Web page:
When that didn't happen, and he ended up secluded/trying to live off the land, I figured he'd end up roaming around endlessly. Obviously the people from the cities would never give him any peace so I thought he'd end up constantly trying to escape them. Or at least that there would be more push from society before he chose suicide.

I was a little surprised at the suicide option, because John is taught about Christ and he has the indian religion as well. I'm not sure what the indian religion would teach, but generally Christianity frowns upon suicide and I would have thought John would have struggled against it a bit more than he did.

I really thought the book would take it in a different direction, and was a little bummed with it ending that way. It seemed too easy/neat for me. I never, ever expected him to have an easy or happy life. Obviously, he would never find that, but I expected something a little more!


E Jan 03, 2015 04:37AM   0 votes
I thought the ending was brilliant- the last 50 or so pages were my favourites! It was exactly what i would expect to happen if the events in the book did happen. The reaction of Civilisation to John and his mother was predictable but nonetheless horrible to read- though some wonderful revolution that would resolve the society would have been a nicer ending,it wouldn't have rung true or fit with the rest of the book.


The ending is the best part of the book.


I was also confused--not by him hanging himself, but by WHY. In my opinion, suicide is never an option I give myself. Why couldn't he just leave both "worlds" and just walk away to another place? Sure, it may not lead to anything good, but I think it's better than suicide.

affirmative - affirmative Terminator


I'm pretty satisfied with the ending because a "normal" book would give John a 3rd option. It's refreshing to read something where the main character doesn't have a traditional happy ending.


Dana (last edited Jul 15, 2014 08:36AM ) Jul 15, 2014 08:35AM   0 votes
The ending made sense to me. He was a person with no people. He didn't belong anywhere. -Not with the "savages," not with the modern people. I think it was also supposed to be a somber comment on the dark turn humanity had taken in that "humanity" was pretty much lost to scientific control. In regards to a war, who would fight in it? There weren't many real humans left who would feel that innate sense that there are principles worth dying for.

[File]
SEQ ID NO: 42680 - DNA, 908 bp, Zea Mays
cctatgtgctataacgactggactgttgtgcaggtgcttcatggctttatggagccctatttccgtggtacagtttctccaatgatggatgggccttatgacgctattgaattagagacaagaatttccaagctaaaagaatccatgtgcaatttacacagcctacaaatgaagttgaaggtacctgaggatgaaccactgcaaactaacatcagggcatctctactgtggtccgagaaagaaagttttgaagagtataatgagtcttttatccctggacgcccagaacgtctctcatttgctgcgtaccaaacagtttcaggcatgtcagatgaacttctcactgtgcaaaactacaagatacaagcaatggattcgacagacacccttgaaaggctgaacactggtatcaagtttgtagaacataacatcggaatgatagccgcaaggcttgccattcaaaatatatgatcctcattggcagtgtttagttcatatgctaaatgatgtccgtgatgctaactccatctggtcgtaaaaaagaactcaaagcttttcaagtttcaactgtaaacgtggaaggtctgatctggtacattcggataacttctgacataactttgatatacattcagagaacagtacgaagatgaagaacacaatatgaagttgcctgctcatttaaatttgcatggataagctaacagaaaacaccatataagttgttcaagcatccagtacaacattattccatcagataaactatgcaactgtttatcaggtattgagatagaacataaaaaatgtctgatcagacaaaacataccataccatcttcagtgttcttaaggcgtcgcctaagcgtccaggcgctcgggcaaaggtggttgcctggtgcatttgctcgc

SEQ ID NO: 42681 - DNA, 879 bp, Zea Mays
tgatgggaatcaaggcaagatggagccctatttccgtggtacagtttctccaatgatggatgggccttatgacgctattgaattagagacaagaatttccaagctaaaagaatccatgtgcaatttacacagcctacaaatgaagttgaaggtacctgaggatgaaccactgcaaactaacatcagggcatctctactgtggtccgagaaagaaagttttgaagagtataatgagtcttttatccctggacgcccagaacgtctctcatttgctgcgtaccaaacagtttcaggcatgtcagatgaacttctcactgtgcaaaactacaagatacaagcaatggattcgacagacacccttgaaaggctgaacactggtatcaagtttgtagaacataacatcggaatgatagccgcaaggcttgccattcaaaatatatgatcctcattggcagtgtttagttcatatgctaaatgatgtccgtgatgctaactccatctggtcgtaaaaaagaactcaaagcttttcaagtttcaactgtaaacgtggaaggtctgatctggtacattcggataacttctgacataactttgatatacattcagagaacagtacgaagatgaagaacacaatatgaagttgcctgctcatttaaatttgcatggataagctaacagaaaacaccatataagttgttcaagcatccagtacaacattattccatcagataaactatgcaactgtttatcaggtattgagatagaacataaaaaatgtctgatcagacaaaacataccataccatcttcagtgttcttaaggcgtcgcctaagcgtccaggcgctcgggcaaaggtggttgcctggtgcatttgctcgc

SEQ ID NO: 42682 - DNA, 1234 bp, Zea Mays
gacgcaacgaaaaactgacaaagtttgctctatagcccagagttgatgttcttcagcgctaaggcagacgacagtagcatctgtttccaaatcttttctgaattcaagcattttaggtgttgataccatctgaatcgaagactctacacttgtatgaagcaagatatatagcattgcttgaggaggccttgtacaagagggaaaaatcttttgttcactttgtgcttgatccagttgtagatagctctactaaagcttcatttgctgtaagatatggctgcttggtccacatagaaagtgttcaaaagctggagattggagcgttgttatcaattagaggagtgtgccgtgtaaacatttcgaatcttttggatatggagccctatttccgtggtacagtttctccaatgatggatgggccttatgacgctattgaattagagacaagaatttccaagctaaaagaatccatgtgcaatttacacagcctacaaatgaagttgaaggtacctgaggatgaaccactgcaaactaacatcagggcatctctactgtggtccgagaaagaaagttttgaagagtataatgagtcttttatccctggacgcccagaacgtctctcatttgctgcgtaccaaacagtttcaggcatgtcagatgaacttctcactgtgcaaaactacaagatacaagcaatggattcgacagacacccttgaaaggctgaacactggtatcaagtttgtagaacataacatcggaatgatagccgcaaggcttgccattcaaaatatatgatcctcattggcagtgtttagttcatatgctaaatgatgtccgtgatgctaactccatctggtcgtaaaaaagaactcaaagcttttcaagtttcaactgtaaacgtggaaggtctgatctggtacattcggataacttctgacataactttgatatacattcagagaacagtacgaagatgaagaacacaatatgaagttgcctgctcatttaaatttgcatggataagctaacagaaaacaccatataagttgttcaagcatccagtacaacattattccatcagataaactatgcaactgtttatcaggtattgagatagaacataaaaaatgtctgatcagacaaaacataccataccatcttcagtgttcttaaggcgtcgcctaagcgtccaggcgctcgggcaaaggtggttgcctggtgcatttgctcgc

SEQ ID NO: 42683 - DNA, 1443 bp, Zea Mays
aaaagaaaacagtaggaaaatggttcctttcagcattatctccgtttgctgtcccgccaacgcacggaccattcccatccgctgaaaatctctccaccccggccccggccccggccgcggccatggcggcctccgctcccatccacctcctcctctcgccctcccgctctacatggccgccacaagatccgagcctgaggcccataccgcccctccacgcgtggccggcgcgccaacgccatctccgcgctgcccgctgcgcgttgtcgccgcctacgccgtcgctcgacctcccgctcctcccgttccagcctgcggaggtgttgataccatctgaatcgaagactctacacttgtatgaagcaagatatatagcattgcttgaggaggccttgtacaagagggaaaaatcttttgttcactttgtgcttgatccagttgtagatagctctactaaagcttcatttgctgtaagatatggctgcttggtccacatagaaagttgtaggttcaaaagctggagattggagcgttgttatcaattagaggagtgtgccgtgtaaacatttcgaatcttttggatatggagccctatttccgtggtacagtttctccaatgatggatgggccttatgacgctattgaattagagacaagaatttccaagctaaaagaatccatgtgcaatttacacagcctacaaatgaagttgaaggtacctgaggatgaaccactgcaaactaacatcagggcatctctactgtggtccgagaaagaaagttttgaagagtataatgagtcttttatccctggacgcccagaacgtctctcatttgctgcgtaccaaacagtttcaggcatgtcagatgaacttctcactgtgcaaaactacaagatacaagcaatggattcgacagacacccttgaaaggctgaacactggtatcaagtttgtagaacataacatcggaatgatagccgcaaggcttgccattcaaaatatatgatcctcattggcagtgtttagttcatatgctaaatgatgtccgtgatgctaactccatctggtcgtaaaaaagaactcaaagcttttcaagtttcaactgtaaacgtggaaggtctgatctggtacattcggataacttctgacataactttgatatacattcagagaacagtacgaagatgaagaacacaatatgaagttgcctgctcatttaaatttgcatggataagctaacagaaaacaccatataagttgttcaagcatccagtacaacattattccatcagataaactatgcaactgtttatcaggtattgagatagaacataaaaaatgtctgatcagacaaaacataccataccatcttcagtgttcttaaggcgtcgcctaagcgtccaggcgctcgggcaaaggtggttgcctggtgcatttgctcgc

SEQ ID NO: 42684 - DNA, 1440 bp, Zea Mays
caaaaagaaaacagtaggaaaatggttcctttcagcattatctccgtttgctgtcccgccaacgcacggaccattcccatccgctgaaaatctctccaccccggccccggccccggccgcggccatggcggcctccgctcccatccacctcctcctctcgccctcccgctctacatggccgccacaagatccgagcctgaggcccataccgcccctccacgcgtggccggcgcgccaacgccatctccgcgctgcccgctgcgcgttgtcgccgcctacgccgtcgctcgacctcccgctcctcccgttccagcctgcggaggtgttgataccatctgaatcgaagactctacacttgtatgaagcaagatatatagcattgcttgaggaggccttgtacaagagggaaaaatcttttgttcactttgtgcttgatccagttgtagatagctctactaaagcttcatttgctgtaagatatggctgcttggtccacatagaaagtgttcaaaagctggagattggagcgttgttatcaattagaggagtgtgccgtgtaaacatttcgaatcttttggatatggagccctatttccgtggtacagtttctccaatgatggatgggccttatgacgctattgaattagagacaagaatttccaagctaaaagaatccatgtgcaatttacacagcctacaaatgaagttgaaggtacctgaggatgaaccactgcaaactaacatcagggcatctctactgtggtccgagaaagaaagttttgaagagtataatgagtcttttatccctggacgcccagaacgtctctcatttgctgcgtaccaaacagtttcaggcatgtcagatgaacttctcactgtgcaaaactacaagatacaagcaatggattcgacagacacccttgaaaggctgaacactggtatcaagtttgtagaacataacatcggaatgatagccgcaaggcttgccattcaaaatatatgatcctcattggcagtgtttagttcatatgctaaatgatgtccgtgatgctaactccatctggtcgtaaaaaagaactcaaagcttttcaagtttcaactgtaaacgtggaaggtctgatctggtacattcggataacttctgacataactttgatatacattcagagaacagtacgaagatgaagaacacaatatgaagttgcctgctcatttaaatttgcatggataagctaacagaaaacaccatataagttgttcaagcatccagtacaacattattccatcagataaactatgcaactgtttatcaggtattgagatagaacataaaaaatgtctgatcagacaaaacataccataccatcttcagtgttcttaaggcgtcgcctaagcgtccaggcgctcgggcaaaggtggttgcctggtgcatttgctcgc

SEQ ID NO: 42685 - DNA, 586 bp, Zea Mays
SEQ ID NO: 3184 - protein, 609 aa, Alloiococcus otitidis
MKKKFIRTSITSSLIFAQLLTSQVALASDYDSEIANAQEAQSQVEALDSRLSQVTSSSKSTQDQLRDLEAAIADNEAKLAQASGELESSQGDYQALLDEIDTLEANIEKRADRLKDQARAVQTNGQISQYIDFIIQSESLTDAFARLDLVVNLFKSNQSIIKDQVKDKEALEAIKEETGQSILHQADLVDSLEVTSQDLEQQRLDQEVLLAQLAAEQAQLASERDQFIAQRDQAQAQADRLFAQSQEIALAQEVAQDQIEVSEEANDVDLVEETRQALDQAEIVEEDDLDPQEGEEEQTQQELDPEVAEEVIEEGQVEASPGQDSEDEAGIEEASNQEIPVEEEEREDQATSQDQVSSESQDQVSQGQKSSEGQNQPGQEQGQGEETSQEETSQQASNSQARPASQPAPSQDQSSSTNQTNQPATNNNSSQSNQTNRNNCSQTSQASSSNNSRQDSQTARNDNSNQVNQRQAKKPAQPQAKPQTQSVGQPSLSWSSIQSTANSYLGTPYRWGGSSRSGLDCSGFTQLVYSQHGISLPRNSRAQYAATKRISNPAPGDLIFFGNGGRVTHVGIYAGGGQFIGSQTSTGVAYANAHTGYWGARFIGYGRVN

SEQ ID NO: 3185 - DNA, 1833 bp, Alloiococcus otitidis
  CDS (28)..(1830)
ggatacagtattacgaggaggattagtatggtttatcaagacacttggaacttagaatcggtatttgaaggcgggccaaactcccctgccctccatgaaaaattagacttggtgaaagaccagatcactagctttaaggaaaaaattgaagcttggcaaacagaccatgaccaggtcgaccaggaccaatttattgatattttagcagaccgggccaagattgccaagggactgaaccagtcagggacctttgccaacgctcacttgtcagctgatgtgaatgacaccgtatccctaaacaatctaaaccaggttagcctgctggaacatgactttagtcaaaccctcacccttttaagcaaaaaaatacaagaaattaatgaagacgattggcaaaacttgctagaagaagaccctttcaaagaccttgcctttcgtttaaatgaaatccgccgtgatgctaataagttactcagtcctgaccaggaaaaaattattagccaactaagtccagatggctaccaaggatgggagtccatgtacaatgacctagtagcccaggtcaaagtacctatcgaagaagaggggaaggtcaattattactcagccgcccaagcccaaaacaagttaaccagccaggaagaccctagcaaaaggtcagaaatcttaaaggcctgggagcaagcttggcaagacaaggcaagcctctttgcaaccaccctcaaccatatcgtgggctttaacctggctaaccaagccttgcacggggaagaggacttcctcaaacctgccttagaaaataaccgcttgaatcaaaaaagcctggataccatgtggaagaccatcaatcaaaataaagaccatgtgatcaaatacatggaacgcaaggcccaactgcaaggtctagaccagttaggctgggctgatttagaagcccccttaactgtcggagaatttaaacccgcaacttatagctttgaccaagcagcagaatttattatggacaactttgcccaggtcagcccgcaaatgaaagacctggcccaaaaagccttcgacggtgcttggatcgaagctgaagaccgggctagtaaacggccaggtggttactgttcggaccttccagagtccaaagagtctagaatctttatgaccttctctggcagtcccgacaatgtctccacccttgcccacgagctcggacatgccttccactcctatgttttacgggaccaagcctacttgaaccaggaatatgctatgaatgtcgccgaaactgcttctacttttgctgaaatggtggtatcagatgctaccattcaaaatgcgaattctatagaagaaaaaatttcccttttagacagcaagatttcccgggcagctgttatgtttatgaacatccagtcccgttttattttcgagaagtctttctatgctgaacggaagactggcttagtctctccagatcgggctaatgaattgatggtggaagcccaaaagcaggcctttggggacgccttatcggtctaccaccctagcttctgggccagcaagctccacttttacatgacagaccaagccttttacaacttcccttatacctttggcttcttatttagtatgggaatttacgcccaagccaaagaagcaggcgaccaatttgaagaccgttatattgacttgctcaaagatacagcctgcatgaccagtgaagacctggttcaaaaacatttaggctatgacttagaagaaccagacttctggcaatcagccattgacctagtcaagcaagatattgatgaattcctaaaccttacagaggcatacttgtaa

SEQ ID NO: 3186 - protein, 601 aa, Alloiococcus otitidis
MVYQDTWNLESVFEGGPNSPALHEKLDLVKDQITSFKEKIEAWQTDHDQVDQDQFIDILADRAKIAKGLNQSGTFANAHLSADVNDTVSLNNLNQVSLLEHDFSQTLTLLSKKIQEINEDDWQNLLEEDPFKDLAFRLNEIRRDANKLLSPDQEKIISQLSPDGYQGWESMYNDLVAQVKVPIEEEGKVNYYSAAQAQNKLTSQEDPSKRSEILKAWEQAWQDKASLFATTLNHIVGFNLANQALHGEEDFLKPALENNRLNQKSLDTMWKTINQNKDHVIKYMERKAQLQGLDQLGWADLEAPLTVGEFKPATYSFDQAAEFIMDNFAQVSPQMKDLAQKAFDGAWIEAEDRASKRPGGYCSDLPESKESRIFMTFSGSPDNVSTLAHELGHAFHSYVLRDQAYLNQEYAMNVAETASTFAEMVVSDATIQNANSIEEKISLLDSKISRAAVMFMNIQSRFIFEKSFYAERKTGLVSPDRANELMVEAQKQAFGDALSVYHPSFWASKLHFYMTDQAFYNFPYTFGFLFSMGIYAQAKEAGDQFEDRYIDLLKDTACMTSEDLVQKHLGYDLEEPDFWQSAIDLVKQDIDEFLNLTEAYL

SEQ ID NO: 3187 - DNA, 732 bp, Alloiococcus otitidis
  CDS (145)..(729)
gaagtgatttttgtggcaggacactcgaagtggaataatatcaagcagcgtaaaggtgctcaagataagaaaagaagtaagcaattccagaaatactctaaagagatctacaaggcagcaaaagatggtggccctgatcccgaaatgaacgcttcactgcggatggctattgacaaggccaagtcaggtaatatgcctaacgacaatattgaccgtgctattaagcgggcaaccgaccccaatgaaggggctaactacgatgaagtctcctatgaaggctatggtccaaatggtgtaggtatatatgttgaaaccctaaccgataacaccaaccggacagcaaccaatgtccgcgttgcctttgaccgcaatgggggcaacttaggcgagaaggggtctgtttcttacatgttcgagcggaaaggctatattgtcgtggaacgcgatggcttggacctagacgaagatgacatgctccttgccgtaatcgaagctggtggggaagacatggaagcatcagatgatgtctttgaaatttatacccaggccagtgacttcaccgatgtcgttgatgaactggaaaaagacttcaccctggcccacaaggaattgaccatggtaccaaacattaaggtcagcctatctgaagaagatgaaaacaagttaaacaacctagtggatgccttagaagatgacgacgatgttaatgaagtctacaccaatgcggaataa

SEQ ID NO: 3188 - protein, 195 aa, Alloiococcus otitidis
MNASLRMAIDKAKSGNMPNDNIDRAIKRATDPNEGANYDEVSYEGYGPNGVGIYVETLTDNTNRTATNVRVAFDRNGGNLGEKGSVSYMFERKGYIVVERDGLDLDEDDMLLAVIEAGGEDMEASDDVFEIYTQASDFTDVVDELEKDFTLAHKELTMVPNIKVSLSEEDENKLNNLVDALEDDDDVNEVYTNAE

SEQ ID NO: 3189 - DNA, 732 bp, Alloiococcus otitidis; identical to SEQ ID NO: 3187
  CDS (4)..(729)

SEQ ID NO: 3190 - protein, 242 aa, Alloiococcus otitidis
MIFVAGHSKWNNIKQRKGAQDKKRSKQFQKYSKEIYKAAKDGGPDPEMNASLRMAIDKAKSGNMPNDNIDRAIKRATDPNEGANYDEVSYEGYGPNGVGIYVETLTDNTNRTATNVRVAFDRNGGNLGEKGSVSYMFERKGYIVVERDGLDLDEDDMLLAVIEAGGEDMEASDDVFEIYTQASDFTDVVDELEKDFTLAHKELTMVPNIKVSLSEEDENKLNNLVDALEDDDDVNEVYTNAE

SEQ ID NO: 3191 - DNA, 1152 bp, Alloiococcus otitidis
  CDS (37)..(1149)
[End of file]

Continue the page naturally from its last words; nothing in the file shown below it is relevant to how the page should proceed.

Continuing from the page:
I thought it was rushed. I didn't feel fully satisfied with the ending. I felt like if he lingered on Johns suffering resisting conformity for a bit longer one could have formed stronger relations to John so his death would seem more significant. After reading 1984, Brave new world was a great contrast with the unusual "happy" instead of efficient utopian society. I did think the ending with John dying was adequate, I completely understand how he didn't fit in with either society and was stuck between two societies but I do wish that the end lingered for a bit, before the final blow.


I have empathy for the main character and I would have done the same thing. In a way I think of him as a martyr.


I think it was perfect. I was thoroughly satisfied. John went to visit his false gods for holiday. 'Ixtab' was the goddess that saw his departure. Look her up.


It's the ending that had to happen, but it's also the ending that best suits the story, I think.


The ending left me stunned because I didn't expect it to turn out the way it did but it also felt abrupt. I seriously sat there for like 10 minutes just staring at my book. The last several pages leading up to the end felt like a wonderful crescendo and then BAM! Done. That's it. This Brave New World is awful and terrible and the only escape from it is death. Having survived losing someone to suicide by hanging, it left me with weird emotions that maybe others might not have. I found myself with a mix of sadness, dread, numbness, and anger that John couldn't live peacefully in any society. I wasn't displeased with the ending by any means but I can't say, due to the subject matter, that I *loved* it. Though I'll have to agree that the ending was the best part. It just ties up all the crap with a pretty bow and lights it on fire.


I didn't get it, so I'm glad there's this thread to clarify things for me.


Colleen wrote: "I was rather disappointed. Frankly, I expected a war that destroyed or somehow disrupted the world as it was. Would that not have been an improvement?"

Absolutely not. Do you really think a happy ending would have fit with the message of the book?


For everyone who thinks the ending could have been better may be because we have been programmed in this way. When a protagonists rises up against the status quo, we expect immediate action and change but Huxley presents the unpredictable that all feats to truths may not reap the fruits. All struggles may not bear fruit.


I loved the ending. I thought it was absolutely brilliant and the only satisfactory way for the story to end.


The ending was very appropriate for the general tone of the book. Cold, but realistic.